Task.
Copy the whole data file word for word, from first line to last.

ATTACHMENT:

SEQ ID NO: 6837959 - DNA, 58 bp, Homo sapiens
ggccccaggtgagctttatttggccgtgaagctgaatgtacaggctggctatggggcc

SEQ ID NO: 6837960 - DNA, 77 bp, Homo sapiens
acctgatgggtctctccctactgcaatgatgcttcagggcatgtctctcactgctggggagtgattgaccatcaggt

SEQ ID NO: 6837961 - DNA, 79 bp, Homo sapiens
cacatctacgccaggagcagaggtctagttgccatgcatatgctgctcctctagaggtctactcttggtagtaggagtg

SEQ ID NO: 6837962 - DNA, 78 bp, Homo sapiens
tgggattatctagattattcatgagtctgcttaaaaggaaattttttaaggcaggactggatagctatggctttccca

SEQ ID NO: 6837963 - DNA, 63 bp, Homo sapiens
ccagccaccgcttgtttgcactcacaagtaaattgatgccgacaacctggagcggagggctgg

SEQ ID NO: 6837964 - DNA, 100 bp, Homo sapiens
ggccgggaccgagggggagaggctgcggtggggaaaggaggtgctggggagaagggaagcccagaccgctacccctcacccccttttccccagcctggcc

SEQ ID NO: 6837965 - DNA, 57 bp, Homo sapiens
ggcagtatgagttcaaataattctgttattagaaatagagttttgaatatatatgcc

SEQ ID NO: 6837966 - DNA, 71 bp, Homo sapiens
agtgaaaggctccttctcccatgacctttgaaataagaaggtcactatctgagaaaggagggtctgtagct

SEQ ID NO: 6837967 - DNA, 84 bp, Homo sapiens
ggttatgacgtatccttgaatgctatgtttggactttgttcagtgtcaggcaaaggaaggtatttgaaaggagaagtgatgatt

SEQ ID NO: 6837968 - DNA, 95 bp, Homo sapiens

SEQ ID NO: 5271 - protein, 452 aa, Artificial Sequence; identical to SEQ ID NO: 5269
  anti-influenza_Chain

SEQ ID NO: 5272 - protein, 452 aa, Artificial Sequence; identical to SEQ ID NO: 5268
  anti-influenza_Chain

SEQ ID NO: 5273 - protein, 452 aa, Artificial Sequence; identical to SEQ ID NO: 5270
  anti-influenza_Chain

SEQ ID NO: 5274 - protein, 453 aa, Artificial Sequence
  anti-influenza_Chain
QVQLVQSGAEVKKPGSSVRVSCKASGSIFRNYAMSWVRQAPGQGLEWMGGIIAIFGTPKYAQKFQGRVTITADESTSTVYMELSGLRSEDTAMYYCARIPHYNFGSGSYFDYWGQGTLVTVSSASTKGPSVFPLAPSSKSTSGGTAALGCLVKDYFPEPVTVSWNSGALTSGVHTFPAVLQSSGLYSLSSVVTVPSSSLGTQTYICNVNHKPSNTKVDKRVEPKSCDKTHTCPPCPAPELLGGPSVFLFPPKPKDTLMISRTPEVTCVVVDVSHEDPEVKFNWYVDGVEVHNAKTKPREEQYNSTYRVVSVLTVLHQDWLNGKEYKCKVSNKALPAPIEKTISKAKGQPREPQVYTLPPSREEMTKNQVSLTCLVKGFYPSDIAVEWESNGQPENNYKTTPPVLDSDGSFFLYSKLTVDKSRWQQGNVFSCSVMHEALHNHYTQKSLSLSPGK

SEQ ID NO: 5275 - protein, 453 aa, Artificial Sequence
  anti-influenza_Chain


SEQ ID NO: 6837959 - DNA, 58 bp, Homo sapiens
ggccccaggtgagctttatttggccgtgaagctgaatgtacaggctggctatggggcc

SEQ ID NO: 6837960 - DNA, 77 bp, Homo sapiens
acctgatgggtctctccctactgcaatgatgcttcagggcatgtctctcactgctggggagtgattgaccatcaggt

SEQ ID NO: 6837961 - DNA, 79 bp, Homo sapiens
cacatctacgccaggagcagaggtctagttgccatgcatatgctgctcctctagaggtctactcttggtagtaggagtg

SEQ ID NO: 6837962 - DNA, 78 bp, Homo sapiens
tgggattatctagattattcatgagtctgcttaaaaggaaattttttaaggcaggactggatagctatggctttccca

SEQ ID NO: 6837963 - DNA, 63 bp, Homo sapiens
ccagccaccgcttgtttgcactcacaagtaaattgatgccgacaacctggagcggagggctgg

SEQ ID NO: 6837964 - DNA, 100 bp, Homo sapiens
ggccgggaccgagggggagaggctgcggtggggaaaggaggtgctggggagaagggaagcccagaccgctacccctcacccccttttccccagcctggcc

SEQ ID NO: 6837965 - DNA, 57 bp, Homo sapiens
ggcagtatgagttcaaataattctgttattagaaatagagttttgaatatatatgcc

SEQ ID NO: 6837966 - DNA, 71 bp, Homo sapiens
agtgaaaggctccttctcccatgacctttgaaataagaaggtcactatctgagaaaggagggtctgtagct

SEQ ID NO: 6837967 - DNA, 84 bp, Homo sapiens
ggttatgacgtatccttgaatgctatgtttggactttgttcagtgtcaggcaaaggaaggtatttgaaaggagaagtgatgatt

SEQ ID NO: 6837968 - DNA, 95 bp, Homo sapiens

SEQ ID NO: 5271 - protein, 452 aa, Artificial Sequence; identical to SEQ ID NO: 5269
  anti-influenza_Chain

SEQ ID NO: 5272 - protein, 452 aa, Artificial Sequence; identical to SEQ ID NO: 5268
  anti-influenza_Chain

SEQ ID NO: 5273 - protein, 452 aa, Artificial Sequence; identical to SEQ ID NO: 5270
  anti-influenza_Chain

SEQ ID NO: 5274 - protein, 453 aa, Artificial Sequence
  anti-influenza_Chain
QVQLVQSGAEVKKPGSSVRVSCKASGSIFRNYAMSWVRQAPGQGLEWMGGIIAIFGTPKYAQKFQGRVTITADESTSTVYMELSGLRSEDTAMYYCARIPHYNFGSGSYFDYWGQGTLVTVSSASTKGPSVFPLAPSSKSTSGGTAALGCLVKDYFPEPVTVSWNSGALTSGVHTFPAVLQSSGLYSLSSVVTVPSSSLGTQTYICNVNHKPSNTKVDKRVEPKSCDKTHTCPPCPAPELLGGPSVFLFPPKPKDTLMISRTPEVTCVVVDVSHEDPEVKFNWYVDGVEVHNAKTKPREEQYNSTYRVVSVLTVLHQDWLNGKEYKCKVSNKALPAPIEKTISKAKGQPREPQVYTLPPSREEMTKNQVSLTCLVKGFYPSDIAVEWESNGQPENNYKTTPPVLDSDGSFFLYSKLTVDKSRWQQGNVFSCSVMHEALHNHYTQKSLSLSPGK

SEQ ID NO: 5275 - protein, 453 aa, Artificial Sequence
  anti-influenza_Chain